Research Project: Uncovering Clues to COVID Associated Pulmonary Aspergillosis Mold Infection
COVID-19 Respiratory Virus Research Award
basic biologic mechanisms
Unlike most invasive mold infections, COVID Associated Pulmonary Aspergillosis (CAPA) occurs in individuals with otherwise intact immune systems. This suggests novel biological mechanisms make people susceptible to fungal infection. We seek to evaluate whether immune responses targeting intracellular viruses (viruses that live inside host cells) compromise the ability of the immune system to simultaneously control mold infection. First, we will determine how SARS-CoV-2 (the virus that causes COVID-19) renders people with normal immune systems susceptible to mold infection. Second, we will use a novel mouse model of CAPA to study how SARS-CoV-2 infection kills lung cells, recruits less immune cells, and promotes mold growth. We will also evaluate the utility of novel drugs to prevent the establishment of secondary mold infection. Our overall goal is to better understand why these infections occur in order to prevent their development in patients with an emerging viral respiratory infection.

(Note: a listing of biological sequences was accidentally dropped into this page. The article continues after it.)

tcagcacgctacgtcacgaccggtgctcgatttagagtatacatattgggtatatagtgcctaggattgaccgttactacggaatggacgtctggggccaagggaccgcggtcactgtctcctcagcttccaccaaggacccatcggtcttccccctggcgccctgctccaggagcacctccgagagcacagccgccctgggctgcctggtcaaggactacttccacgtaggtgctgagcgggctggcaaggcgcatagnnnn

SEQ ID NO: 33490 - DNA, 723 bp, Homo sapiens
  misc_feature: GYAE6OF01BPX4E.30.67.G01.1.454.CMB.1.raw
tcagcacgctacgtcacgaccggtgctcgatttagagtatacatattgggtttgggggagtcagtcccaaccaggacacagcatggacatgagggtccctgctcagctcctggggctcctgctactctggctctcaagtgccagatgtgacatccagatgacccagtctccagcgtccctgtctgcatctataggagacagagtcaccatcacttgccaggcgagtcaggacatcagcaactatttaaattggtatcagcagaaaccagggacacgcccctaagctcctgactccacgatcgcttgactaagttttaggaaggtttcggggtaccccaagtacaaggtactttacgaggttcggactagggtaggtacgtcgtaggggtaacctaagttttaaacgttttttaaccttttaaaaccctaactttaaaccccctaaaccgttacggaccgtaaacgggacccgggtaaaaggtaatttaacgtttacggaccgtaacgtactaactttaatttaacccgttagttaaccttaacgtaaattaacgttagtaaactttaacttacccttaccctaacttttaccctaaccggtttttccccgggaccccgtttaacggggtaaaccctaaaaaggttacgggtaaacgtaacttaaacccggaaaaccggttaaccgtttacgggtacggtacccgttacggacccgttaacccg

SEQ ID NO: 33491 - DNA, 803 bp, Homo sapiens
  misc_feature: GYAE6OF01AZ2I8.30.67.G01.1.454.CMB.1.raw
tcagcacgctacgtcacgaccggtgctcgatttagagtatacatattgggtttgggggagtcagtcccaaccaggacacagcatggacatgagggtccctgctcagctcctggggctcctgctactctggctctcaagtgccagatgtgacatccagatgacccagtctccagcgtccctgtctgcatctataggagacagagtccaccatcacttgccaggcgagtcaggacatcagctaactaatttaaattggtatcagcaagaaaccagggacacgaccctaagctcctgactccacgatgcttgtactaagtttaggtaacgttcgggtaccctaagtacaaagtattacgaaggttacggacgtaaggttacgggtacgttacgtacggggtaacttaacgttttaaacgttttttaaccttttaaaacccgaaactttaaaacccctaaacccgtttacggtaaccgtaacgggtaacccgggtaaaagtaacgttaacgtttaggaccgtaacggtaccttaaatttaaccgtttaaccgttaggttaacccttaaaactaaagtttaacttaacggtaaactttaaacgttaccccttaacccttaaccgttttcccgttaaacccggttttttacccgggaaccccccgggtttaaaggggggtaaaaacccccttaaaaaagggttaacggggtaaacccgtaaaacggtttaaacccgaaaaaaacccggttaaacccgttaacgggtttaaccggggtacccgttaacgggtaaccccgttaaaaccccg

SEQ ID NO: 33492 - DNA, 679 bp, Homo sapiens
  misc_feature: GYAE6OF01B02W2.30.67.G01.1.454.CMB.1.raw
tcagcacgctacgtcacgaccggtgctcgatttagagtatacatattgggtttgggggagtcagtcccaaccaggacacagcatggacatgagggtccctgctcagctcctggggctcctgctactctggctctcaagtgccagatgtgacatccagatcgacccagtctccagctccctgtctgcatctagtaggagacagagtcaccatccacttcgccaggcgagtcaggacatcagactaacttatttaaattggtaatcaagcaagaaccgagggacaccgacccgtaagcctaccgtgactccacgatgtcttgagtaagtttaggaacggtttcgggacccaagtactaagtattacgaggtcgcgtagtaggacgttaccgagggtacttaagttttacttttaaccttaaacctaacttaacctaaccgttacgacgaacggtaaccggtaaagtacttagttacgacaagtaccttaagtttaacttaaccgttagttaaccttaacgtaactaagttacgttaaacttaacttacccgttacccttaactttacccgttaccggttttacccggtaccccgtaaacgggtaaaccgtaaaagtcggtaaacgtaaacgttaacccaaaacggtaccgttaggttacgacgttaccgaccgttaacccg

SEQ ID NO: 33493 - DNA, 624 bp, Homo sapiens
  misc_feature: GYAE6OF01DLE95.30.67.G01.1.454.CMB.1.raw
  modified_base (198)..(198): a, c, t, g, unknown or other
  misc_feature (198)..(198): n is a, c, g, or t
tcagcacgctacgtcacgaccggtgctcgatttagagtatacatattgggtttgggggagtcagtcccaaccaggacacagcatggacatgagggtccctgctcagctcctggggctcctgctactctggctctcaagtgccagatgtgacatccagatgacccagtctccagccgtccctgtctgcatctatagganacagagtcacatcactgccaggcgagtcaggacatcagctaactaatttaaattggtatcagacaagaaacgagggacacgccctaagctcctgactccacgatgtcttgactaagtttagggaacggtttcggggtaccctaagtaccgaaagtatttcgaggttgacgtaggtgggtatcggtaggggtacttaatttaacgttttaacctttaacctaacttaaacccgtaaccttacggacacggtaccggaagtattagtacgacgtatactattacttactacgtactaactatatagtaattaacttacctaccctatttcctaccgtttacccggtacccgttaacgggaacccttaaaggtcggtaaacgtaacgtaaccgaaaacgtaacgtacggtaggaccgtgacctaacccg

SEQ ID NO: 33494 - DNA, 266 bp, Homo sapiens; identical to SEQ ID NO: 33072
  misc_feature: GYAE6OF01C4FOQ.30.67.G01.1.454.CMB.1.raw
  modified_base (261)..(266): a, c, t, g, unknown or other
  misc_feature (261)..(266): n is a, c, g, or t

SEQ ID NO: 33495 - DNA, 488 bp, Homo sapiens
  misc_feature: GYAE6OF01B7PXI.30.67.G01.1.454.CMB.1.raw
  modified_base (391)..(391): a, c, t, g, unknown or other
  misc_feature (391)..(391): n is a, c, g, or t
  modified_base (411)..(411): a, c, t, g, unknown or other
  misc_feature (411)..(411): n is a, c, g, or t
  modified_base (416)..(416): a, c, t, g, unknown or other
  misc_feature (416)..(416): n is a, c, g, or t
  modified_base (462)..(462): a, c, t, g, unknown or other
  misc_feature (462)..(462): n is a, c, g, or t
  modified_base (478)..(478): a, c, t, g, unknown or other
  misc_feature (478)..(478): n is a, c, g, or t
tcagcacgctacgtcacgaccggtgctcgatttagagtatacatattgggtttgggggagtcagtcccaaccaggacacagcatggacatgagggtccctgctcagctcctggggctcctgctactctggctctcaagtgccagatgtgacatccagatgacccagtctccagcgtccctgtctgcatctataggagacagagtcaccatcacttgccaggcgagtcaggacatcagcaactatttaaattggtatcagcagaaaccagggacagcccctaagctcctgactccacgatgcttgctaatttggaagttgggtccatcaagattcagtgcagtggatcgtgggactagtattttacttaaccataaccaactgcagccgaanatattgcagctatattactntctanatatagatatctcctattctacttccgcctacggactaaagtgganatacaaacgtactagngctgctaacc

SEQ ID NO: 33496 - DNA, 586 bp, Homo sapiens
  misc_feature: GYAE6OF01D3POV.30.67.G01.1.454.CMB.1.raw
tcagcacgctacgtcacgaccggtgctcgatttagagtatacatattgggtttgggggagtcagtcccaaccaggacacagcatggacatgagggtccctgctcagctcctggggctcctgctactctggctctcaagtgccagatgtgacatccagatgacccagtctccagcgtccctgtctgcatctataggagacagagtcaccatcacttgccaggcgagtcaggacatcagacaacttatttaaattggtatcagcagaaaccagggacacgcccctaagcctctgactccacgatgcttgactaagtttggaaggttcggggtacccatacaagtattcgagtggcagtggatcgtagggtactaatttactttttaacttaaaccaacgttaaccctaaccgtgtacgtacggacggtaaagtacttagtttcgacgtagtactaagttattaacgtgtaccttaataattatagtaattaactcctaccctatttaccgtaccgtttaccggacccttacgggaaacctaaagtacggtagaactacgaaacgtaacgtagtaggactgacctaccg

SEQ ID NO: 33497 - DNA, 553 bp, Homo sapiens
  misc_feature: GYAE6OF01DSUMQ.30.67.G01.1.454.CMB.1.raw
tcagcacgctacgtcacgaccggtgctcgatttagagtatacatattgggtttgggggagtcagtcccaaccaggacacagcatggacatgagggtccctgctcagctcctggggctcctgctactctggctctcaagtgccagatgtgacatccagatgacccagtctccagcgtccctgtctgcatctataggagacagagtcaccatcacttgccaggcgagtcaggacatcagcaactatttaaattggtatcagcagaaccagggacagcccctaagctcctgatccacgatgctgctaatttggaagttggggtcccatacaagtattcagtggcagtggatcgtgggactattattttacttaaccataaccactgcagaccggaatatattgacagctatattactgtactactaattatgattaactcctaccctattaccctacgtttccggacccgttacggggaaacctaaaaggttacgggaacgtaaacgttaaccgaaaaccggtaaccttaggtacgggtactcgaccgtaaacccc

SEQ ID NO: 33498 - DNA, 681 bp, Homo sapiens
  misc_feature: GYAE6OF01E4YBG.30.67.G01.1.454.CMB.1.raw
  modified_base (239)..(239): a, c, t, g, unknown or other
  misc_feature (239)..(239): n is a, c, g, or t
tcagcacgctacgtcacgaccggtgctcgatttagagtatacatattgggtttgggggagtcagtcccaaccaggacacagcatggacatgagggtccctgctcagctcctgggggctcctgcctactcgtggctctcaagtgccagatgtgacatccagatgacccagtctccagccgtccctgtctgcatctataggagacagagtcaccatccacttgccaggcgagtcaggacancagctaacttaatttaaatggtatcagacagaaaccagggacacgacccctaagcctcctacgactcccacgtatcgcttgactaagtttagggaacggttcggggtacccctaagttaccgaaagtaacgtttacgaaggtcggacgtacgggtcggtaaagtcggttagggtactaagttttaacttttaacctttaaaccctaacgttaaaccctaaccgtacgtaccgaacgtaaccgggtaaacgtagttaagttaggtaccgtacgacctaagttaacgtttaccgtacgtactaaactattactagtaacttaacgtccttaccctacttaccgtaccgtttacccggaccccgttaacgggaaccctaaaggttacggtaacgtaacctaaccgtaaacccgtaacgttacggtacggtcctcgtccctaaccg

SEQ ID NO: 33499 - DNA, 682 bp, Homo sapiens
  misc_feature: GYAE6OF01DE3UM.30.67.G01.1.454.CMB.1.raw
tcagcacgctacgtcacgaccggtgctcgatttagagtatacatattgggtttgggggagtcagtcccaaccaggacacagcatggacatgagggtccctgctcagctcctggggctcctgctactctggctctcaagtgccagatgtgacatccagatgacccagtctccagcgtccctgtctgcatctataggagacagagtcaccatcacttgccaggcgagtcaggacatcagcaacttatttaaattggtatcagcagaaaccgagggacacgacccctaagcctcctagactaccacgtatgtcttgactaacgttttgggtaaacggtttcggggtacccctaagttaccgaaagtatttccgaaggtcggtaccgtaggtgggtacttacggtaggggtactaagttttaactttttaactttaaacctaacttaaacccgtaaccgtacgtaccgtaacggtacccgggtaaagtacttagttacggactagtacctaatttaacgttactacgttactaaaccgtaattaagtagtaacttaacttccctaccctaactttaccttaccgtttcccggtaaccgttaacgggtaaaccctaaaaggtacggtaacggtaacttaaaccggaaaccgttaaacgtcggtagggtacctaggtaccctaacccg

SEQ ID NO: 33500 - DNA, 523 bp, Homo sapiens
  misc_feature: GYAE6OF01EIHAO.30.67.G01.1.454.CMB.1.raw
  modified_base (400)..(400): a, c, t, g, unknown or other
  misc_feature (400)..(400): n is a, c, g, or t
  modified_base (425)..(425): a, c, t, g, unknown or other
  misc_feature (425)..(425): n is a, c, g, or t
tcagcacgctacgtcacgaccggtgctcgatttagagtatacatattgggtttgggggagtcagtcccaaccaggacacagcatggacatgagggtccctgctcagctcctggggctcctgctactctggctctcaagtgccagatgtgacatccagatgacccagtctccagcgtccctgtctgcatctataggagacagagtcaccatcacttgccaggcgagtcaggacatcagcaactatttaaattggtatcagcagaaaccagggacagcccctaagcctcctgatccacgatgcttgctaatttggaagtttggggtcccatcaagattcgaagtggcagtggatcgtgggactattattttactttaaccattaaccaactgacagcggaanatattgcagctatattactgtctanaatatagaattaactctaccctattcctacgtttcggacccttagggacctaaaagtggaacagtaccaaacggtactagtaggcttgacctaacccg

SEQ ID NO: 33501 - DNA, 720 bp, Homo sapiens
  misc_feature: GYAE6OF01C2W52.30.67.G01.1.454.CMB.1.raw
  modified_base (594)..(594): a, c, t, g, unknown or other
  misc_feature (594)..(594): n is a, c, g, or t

We have found statistically significant increases in total airway iron, heme (a precursor to hemoglobin) and hemoglobin in samples from patients with severe COVID-19 versus bacterial pneumonia. We have also found evidence for a role for iron in promoting mold growth and are working to identify the lung source of excess airway iron during severe COVID-19 using lung epithelial cells and a novel CAPA mouse model. Experiments are also ongoing to determine if excess iron, heme and hemoglobin directly impair the ability of human neutrophils to kill mold spores.